Notification of Certain Matters
 
Each of Bois d’Arc, on the one hand, and Stone and Merger Sub, on the other hand, will give prompt notice to the other of any fact, event or circumstance known to such party that would be reasonably likely to result in a failure of a condition to the merger agreement.
 
Directors’ and Officers’ Insurance and Indemnification
 
Stone agrees that all rights to exculpation, advancement of expenses and indemnification for acts or omissions occurring prior to the effective time of the merger in favor of the current and former officers and directors of Bois d’Arc as provided in the articles of incorporation or bylaws of Bois d’Arc or in the employment agreements with certain of Bois d’Arc’s officers, in each case in effect as of the date of the merger, will survive the merger continue in full force and effect in accordance with their terms and without amendment thereof.
 
Stone also agrees to maintain the directors’ and officers’ (D&O) insurance that serves to reimburse persons currently covered by Bois d’Arc’s D&O insurance in full force and effect for the continued benefit of such persons for a continuous period of not less than three years from the effective time of the merger on terms that are not materially different from Bois d’Arc’s D&O insurance in effect as of the date of the merger agreement (provided that Stone may substitute therefor policies of at least the same coverage containing terms and conditions that are not less favorable) with respect to matters occurring prior to the effective time of the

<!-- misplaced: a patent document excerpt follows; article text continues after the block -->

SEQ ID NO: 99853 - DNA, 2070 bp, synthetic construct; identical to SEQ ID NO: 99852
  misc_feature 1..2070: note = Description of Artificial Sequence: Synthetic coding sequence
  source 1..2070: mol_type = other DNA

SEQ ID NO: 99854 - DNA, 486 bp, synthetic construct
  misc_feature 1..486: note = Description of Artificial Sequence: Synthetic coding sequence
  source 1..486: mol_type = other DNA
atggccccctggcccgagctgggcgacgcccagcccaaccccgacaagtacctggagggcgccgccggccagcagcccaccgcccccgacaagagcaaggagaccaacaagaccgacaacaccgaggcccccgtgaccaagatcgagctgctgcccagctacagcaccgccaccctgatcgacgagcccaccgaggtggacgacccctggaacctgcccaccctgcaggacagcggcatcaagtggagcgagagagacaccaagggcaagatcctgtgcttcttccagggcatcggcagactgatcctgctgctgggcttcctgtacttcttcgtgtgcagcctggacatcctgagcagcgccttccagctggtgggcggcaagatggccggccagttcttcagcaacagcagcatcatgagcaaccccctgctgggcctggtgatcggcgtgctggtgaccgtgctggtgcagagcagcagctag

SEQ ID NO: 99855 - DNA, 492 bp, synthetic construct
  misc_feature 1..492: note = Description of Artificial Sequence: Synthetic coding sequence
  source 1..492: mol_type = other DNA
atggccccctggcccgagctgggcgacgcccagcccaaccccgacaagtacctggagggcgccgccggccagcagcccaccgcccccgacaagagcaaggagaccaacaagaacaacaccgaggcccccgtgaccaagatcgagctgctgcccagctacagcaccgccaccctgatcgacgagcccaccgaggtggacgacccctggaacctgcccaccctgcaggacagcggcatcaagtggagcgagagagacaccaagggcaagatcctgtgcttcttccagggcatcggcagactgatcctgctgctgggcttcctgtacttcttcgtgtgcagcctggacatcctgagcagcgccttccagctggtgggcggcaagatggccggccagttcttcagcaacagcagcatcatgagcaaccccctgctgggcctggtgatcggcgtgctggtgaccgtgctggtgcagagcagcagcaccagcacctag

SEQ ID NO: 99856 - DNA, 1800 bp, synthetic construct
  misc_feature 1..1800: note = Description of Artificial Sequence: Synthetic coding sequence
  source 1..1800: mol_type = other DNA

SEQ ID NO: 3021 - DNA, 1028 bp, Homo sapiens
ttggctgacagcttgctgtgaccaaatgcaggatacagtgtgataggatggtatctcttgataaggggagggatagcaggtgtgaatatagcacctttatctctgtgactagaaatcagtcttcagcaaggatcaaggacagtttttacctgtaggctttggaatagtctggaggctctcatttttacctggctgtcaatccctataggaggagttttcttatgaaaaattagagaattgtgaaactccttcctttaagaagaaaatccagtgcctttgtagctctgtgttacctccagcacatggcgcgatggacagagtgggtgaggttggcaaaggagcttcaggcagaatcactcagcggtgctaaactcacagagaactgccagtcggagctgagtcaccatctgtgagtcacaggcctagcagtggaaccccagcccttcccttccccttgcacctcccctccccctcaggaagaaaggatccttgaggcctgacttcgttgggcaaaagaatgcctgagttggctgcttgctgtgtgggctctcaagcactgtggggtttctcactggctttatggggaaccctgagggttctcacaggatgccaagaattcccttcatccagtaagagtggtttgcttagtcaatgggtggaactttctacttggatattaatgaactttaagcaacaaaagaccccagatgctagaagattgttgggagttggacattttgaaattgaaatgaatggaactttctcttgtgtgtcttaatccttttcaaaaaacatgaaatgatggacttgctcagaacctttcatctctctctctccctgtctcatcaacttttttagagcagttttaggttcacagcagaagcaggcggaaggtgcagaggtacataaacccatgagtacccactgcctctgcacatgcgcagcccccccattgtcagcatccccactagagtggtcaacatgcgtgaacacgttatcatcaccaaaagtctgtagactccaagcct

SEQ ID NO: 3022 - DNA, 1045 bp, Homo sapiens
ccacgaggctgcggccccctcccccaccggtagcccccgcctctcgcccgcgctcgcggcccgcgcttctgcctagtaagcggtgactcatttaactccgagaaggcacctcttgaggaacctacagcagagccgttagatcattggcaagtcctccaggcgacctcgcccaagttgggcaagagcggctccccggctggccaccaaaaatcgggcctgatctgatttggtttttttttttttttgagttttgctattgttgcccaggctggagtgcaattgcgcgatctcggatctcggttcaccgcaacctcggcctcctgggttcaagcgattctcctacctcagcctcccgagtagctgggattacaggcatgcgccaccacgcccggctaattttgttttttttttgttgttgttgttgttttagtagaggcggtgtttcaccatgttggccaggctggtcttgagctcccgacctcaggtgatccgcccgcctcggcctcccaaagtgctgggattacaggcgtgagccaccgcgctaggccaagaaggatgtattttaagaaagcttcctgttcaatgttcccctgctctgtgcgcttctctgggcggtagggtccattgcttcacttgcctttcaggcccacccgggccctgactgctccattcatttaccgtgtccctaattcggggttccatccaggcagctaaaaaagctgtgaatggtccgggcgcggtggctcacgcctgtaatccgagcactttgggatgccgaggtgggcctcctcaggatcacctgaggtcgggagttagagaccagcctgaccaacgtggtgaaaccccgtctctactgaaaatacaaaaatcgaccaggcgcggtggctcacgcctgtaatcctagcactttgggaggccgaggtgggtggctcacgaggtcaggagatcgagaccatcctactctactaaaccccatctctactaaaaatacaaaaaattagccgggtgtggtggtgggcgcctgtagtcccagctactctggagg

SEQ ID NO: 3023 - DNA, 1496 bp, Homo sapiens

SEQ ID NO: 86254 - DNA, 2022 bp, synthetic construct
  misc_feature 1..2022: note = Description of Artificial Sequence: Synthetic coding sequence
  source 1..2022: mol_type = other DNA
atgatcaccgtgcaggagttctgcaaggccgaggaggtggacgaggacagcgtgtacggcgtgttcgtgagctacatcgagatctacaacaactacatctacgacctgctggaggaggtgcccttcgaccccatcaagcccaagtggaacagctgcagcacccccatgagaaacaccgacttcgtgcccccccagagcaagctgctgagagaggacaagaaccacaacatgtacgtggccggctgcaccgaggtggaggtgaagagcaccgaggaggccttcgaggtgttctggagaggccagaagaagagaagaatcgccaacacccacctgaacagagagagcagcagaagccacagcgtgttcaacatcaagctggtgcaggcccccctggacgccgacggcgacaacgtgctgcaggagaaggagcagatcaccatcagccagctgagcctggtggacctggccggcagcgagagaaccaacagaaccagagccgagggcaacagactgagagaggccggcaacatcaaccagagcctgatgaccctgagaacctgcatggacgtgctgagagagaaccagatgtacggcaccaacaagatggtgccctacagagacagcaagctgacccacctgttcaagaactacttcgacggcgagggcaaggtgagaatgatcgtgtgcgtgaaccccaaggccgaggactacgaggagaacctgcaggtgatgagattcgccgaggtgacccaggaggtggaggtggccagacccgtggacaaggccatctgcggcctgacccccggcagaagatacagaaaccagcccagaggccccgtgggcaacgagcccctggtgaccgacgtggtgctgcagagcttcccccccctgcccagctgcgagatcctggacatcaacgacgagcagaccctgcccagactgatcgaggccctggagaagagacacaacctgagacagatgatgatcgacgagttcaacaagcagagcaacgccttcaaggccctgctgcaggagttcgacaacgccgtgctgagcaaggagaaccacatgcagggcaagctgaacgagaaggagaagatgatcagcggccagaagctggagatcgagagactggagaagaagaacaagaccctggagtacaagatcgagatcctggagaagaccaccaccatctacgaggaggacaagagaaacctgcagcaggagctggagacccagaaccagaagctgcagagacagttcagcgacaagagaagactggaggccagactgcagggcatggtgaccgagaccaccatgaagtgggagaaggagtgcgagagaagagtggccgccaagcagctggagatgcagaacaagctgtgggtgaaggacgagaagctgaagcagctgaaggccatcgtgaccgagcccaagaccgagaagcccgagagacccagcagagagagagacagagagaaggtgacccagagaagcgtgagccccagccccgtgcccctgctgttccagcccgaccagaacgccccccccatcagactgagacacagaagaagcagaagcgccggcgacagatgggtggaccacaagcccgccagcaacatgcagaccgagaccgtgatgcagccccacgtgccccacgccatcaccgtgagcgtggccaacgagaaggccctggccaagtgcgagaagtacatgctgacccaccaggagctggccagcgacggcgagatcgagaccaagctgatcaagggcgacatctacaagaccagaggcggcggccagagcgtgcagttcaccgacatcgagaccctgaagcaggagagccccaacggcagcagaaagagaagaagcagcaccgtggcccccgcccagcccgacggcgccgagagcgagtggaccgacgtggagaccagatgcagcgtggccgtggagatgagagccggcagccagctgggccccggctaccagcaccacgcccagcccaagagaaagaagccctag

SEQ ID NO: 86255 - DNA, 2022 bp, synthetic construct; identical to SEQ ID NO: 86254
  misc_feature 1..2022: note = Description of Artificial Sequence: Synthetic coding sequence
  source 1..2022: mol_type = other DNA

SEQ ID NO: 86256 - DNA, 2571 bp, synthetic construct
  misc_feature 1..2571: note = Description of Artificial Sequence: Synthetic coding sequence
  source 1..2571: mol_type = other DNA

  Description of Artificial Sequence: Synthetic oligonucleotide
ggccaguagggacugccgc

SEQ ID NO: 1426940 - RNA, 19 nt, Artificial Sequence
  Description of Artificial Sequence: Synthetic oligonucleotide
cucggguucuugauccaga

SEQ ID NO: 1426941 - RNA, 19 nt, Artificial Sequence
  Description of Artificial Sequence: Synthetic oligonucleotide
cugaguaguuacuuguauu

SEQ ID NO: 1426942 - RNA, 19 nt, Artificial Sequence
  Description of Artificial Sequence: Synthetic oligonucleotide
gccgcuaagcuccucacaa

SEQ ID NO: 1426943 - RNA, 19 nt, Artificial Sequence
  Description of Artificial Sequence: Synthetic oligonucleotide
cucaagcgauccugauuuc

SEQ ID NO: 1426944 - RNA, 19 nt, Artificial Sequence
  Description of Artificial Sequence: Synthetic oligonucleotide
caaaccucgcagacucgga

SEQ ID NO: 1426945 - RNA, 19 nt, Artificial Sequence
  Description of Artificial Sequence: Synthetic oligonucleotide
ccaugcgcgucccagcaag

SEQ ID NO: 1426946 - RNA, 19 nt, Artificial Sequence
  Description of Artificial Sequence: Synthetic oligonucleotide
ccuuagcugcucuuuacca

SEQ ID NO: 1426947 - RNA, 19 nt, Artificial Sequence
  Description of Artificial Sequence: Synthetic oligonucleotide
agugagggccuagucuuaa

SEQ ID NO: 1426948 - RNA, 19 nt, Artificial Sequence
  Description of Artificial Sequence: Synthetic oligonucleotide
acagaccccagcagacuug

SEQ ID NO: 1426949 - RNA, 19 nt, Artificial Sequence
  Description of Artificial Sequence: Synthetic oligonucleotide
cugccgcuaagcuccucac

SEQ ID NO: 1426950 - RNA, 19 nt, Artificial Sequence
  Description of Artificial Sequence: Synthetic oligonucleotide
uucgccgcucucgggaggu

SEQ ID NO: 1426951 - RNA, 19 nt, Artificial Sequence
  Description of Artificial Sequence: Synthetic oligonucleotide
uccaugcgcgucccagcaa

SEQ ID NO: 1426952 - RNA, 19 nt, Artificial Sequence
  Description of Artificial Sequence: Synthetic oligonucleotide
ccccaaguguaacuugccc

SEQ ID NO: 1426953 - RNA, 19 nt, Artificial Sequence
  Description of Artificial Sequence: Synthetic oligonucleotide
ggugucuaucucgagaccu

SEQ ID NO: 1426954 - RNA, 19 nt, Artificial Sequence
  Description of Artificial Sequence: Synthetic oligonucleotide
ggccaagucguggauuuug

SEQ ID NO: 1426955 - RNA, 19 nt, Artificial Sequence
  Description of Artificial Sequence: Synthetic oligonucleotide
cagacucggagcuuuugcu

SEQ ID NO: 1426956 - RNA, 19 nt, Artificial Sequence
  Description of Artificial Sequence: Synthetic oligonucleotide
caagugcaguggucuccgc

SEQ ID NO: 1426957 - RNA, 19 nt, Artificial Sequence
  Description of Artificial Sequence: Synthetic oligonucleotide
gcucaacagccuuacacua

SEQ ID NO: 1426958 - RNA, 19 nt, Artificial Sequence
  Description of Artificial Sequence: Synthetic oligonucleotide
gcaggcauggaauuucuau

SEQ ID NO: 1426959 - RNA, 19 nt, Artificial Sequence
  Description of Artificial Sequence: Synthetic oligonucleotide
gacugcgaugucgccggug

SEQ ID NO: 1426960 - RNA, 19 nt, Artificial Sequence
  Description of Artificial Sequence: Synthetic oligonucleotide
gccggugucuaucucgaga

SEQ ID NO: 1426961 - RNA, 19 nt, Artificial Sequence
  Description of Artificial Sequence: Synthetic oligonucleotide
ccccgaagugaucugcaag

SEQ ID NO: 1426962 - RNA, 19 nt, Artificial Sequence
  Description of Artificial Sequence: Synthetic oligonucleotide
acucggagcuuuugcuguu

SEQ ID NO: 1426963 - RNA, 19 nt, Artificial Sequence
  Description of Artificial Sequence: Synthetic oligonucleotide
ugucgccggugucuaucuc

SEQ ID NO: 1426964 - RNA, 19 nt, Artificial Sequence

77


Table of Contents

merger. However, Stone will not be obligated to make annual premium payments for this insurance to the extent the premiums exceed 150% of the annual premium paid by Bois d’Arc for such insurance on the date of the merger agreement. In the event that the annual premium for such insurance exceeds such maximum amount, Stone will purchase as much coverage per policy year as reasonably obtainable for such maximum amount.